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Social Media Addiction: 8 Tips For Beating It

social media addictionSocial media addiction is becoming more prevalent as time goes on. Even though many of us find ourselves declaring how much we hate Facebook, Twitter, [insert social network here], very few of us actually do something about it. If you find yourself making multiple posts each day, checking it every time there is a free moment, or launching in to a political argument with one of your “friends,” then it’s got a hold on you.

This can be especially troublesome as you dive in to the new school year. After all, you have several different syllabi that you have to learn, multiple tests and homework assignments, and (probably) a major exam like the ACT, LSAT, or GRE to study for. Thankfully, there is a way of beating social media addiction. Here are some suggestions.

Admit You Have A Problem.

It may sound silly comparing social media addiction to alcohol and drugs with a line like, “Admit you have a problem,” but the fact is, this can do great damage to your productivity and derail your educational goals. While that may not kill you like drunk driving or smoking, it certainly can have a negative impact on your future, and so it’s a good idea not to take it lightly.

Get Back To Basics.

Here’s how social media addiction typically works. You sign up to see what your close friends and family are doing. You follow a couple of people you know or respect. And before you know it, you have 1,000 friends even though you only talk to a handful of people each week. If you feel like your social networking activity has gotten away from you and is starting to consume too much time, think back to the original reason you got on board in the first place. It’s not out of line to do some “spring cleaning” every few months, removing the connections that are no longer of any value to you.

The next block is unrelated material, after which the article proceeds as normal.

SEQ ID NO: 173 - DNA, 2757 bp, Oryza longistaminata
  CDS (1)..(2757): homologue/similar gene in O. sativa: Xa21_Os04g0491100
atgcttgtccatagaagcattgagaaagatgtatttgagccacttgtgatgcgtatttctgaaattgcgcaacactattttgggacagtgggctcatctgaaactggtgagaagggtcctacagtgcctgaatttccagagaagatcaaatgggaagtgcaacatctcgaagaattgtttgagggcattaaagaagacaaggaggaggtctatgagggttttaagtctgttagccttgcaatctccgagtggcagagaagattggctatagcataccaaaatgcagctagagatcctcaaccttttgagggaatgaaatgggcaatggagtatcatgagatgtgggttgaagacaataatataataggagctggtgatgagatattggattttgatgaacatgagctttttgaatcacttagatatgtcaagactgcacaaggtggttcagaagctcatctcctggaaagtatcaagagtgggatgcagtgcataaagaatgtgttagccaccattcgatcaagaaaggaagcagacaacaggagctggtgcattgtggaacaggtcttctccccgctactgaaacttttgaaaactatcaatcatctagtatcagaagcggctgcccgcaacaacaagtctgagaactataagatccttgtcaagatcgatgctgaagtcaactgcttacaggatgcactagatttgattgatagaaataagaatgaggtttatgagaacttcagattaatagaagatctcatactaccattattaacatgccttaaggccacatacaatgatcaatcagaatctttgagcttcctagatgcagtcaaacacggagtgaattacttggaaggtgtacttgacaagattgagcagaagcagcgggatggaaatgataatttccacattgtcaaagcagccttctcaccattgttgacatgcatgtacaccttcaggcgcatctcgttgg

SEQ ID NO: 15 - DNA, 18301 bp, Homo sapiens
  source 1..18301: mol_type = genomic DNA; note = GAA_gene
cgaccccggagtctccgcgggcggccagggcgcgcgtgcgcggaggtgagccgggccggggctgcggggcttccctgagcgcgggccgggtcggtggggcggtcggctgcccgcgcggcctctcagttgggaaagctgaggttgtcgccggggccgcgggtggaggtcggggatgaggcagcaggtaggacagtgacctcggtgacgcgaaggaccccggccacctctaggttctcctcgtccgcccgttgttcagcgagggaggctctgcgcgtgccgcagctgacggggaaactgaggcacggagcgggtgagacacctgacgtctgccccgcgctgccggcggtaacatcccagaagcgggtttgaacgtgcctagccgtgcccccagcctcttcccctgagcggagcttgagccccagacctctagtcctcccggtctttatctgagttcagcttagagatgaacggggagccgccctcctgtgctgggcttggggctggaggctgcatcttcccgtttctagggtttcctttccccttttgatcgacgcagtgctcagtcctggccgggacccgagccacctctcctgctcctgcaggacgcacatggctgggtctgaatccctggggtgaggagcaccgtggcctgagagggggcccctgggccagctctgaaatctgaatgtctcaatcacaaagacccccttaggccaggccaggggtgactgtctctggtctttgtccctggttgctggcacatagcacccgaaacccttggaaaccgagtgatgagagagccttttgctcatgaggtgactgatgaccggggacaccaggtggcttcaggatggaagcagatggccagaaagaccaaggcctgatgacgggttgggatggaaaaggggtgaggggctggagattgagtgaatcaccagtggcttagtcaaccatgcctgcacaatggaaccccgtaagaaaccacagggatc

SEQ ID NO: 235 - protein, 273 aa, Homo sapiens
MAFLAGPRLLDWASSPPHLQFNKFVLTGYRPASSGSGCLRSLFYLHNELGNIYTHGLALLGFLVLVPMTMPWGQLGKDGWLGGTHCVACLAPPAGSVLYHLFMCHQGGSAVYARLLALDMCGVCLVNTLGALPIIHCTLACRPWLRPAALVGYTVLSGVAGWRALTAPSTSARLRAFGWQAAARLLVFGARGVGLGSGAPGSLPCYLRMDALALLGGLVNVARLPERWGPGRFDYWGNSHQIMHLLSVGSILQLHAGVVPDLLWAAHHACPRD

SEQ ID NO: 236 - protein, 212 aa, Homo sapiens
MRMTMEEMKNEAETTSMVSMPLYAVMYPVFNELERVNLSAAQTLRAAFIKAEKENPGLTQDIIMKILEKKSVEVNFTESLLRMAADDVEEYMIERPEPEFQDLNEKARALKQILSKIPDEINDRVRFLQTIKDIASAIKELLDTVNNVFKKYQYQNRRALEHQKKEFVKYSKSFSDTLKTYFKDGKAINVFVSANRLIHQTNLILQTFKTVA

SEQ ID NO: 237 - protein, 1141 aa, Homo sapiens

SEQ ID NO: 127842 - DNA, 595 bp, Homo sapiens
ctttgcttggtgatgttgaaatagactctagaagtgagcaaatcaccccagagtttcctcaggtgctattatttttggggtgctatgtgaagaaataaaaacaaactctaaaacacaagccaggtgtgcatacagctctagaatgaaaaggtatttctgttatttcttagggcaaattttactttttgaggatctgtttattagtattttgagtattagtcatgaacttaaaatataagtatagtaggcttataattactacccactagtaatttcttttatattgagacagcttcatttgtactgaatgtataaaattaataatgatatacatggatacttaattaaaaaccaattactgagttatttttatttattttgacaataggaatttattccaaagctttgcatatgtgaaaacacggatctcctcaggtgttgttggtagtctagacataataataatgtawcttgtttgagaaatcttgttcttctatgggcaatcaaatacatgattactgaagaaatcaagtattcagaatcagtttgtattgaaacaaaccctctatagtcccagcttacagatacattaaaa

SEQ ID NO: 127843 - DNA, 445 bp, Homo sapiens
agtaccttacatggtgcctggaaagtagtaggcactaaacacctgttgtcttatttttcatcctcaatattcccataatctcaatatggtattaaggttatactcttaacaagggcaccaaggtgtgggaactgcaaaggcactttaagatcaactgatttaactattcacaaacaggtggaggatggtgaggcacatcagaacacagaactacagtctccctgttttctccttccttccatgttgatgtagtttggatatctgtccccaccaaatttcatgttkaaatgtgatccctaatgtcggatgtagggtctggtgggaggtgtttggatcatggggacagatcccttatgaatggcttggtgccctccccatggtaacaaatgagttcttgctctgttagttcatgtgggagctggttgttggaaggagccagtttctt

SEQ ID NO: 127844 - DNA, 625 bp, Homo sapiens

Calculate How Much Time It Is Consuming.

If you feel like you’re spending too much time on social media, guess what: you are. Just how much, though? We suggest doing the math; then return to the question of why you use social media. Take whatever length of time you’ve computed and whittle it down to one-tenth. If you figure out you’re spending two hours per day on social media, then cut it back to 12 minutes. That’s 720 seconds to do whatever you want. We recommend blocking it all together at the end of the day, or you can give yourself four minutes at breakfast, four minutes at lunch, and four minutes before bed. We guarantee that you won’t miss much.

Be Vigilant.

It’s not enough to just tell yourself that you get 12 minutes per day to check social media accounts. You’ve got to stick to it. Set a timer, and get off when it goes off. You’ll find that this leads to a greater sense of urgency. You’ll think, “I don’t have much time, so I better fit everything I need to do in before I run out.” This drill will not only keep you on track and more productive, it will make you realize how much of your time on social media is necessary and how much is utterly wasted.